Nitrogen pollution could be halved: Researchers

Nitrogen, dubbed as the most important fertilizer for crop productions, has become a major human health hazard.

Zee Media Bureau

New York: Nitrogen, dubbed as the most important fertilizer for crop productions, has become a major human health hazard.

Various human activities and other sources have led to the release of a huge amount of reactive nitrogen like ammonia and nitrous oxide, which is bad for the environment and human health in multiple ways.

A study now says that nitrogen pollution could rise by 20% by 2050 in a middle-of-the-road scenario if no action is take.
Researchers said that the risk of nitrogen pollution could be reduced by half with the combined efforts of farmers and consumers.

“Nitrogen is an irreplaceable nutrient and a true life-saver as it helps agriculture to feed a growing world population - but it is unfortunately also a dangerous pollutant,” said Benjamin Bodirsky of the International Center for Tropical Agriculture, Colombia (CIAT).

In the different forms it can take through chemical reactions, it massively contributes to respirable dust, and can lead to the formation of aggressive ground-level ozone, and destabilise water ecosystems.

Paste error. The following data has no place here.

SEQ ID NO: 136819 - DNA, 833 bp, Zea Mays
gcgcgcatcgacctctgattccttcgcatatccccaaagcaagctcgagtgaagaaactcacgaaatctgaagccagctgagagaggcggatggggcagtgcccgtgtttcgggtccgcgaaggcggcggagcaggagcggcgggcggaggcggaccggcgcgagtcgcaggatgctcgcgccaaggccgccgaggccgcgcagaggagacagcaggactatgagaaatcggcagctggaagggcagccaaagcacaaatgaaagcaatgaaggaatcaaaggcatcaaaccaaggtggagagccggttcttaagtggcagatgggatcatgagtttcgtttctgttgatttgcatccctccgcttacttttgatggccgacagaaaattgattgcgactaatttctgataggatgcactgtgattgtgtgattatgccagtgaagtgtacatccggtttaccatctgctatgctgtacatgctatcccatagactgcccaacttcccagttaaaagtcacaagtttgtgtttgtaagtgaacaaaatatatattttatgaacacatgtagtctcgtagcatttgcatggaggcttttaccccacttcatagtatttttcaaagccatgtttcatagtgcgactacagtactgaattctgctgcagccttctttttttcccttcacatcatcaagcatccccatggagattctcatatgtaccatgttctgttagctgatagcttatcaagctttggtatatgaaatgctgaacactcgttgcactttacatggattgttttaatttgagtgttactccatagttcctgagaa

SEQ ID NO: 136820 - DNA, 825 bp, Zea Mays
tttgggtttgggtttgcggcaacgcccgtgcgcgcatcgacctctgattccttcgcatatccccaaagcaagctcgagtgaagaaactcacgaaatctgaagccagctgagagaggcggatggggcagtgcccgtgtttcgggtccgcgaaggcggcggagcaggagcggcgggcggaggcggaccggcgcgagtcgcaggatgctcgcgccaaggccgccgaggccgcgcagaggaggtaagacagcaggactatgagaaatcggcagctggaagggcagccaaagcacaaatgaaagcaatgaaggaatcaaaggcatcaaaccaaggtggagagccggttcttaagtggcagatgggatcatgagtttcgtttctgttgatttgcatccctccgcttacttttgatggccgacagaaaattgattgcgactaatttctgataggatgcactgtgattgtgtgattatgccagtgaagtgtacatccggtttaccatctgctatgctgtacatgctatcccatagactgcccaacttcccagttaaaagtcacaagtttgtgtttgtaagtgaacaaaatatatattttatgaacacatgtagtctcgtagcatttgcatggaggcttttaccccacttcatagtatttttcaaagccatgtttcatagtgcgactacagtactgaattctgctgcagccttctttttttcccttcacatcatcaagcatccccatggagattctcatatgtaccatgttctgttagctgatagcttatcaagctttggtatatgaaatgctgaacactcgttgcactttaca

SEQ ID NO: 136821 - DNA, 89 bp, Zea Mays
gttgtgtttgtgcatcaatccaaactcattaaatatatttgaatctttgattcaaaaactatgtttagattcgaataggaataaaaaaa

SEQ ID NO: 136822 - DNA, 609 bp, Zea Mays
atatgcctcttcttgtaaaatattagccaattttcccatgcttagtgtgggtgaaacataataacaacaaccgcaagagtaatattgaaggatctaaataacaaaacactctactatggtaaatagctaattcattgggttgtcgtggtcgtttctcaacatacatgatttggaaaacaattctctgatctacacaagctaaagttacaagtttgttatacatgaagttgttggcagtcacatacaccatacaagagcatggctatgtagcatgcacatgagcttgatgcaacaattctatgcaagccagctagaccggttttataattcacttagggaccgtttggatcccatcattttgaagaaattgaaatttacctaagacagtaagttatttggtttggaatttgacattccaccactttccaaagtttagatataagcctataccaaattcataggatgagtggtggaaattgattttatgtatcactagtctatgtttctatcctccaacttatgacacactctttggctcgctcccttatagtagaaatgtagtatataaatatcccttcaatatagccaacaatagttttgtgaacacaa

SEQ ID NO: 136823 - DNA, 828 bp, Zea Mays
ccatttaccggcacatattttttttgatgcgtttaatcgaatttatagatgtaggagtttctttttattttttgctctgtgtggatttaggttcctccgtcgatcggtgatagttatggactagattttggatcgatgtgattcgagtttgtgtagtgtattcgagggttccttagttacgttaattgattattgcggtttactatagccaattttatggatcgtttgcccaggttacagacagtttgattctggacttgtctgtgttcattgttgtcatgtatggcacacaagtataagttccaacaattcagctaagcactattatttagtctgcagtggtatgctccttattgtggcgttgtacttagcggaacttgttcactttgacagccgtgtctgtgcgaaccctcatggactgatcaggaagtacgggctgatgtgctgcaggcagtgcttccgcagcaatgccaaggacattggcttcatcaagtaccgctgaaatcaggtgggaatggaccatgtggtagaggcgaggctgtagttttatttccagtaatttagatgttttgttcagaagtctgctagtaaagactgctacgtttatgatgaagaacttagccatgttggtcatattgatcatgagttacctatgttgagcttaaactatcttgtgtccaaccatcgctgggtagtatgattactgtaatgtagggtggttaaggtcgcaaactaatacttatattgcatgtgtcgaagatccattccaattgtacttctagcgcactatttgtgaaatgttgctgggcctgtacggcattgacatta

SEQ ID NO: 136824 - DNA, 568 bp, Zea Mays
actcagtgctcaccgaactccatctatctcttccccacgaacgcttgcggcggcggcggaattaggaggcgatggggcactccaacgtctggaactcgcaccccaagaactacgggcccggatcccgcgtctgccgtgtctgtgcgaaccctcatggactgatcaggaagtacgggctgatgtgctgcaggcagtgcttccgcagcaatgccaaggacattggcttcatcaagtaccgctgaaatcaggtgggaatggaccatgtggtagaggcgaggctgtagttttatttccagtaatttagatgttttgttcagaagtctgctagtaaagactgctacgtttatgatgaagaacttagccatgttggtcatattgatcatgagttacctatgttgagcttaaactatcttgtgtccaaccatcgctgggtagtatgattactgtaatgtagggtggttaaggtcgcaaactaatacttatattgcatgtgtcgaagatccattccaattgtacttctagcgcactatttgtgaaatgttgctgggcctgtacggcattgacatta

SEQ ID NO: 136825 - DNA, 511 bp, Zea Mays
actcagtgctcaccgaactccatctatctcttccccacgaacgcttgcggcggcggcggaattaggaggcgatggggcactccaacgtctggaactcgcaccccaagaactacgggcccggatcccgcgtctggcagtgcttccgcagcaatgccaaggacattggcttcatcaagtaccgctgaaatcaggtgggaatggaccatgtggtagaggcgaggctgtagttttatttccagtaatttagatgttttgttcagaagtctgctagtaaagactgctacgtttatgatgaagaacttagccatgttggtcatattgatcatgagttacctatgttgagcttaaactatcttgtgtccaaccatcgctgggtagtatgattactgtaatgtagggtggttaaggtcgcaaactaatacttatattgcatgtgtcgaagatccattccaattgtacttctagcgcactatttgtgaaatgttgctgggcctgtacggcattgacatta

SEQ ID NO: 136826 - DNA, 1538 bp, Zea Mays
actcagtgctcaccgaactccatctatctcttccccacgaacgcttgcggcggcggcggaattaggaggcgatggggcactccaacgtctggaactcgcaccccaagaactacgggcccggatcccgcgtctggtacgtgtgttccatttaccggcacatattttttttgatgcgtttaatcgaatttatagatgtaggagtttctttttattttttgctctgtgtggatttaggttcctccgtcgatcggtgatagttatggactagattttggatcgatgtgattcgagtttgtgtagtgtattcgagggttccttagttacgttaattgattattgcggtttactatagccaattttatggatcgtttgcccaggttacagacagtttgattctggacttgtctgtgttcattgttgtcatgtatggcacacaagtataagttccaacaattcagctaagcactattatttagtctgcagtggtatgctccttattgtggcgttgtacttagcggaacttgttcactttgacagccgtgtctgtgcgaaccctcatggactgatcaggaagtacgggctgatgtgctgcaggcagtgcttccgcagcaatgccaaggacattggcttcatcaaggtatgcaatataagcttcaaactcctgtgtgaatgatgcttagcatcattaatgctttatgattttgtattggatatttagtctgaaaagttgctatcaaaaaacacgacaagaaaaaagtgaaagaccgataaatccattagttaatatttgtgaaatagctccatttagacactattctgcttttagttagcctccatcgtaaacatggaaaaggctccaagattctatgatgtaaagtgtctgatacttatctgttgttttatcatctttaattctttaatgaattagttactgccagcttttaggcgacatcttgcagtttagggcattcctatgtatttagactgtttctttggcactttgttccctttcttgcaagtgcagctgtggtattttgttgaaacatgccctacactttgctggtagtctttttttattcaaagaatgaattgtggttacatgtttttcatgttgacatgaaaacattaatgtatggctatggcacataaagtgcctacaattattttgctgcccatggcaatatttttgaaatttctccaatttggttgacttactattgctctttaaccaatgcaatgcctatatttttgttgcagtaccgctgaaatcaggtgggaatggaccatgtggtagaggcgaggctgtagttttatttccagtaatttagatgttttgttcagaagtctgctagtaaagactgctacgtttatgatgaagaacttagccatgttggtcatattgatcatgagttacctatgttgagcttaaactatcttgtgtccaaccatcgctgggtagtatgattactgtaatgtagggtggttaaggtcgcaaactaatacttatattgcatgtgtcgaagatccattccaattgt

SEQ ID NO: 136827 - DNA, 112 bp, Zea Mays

The study revealed that only combined mitigation efforts both in food production and consumption could substantially reduce the risks.
Currently, every second ton of nitrogen put on the fields is not taken up by the crops but blown away by the wind, washed out by rain or decomposed by micro-organisms.

To reduce losses and prevent pollution, farmers can more carefully target fertiliser application to plants` needs, using soil measurements.

It says farmers should aim at efficiently recycling animal dung to fertilise the plants.

“For consumers in developed countries, halving food waste, meat consumption and related feed use would not only benefit their health and their wallet but would also increase the overall resource efficiency of food production and reduce pollution,” said study co-author Alexander Popp.

The scientists ran extensive computer simulations to explore the effects of different mitigation measures.

Increased levels of nitrogen dioxide in our atmosphere can lead to lung damage, respiratory problems and cancer.

With Agency Inputs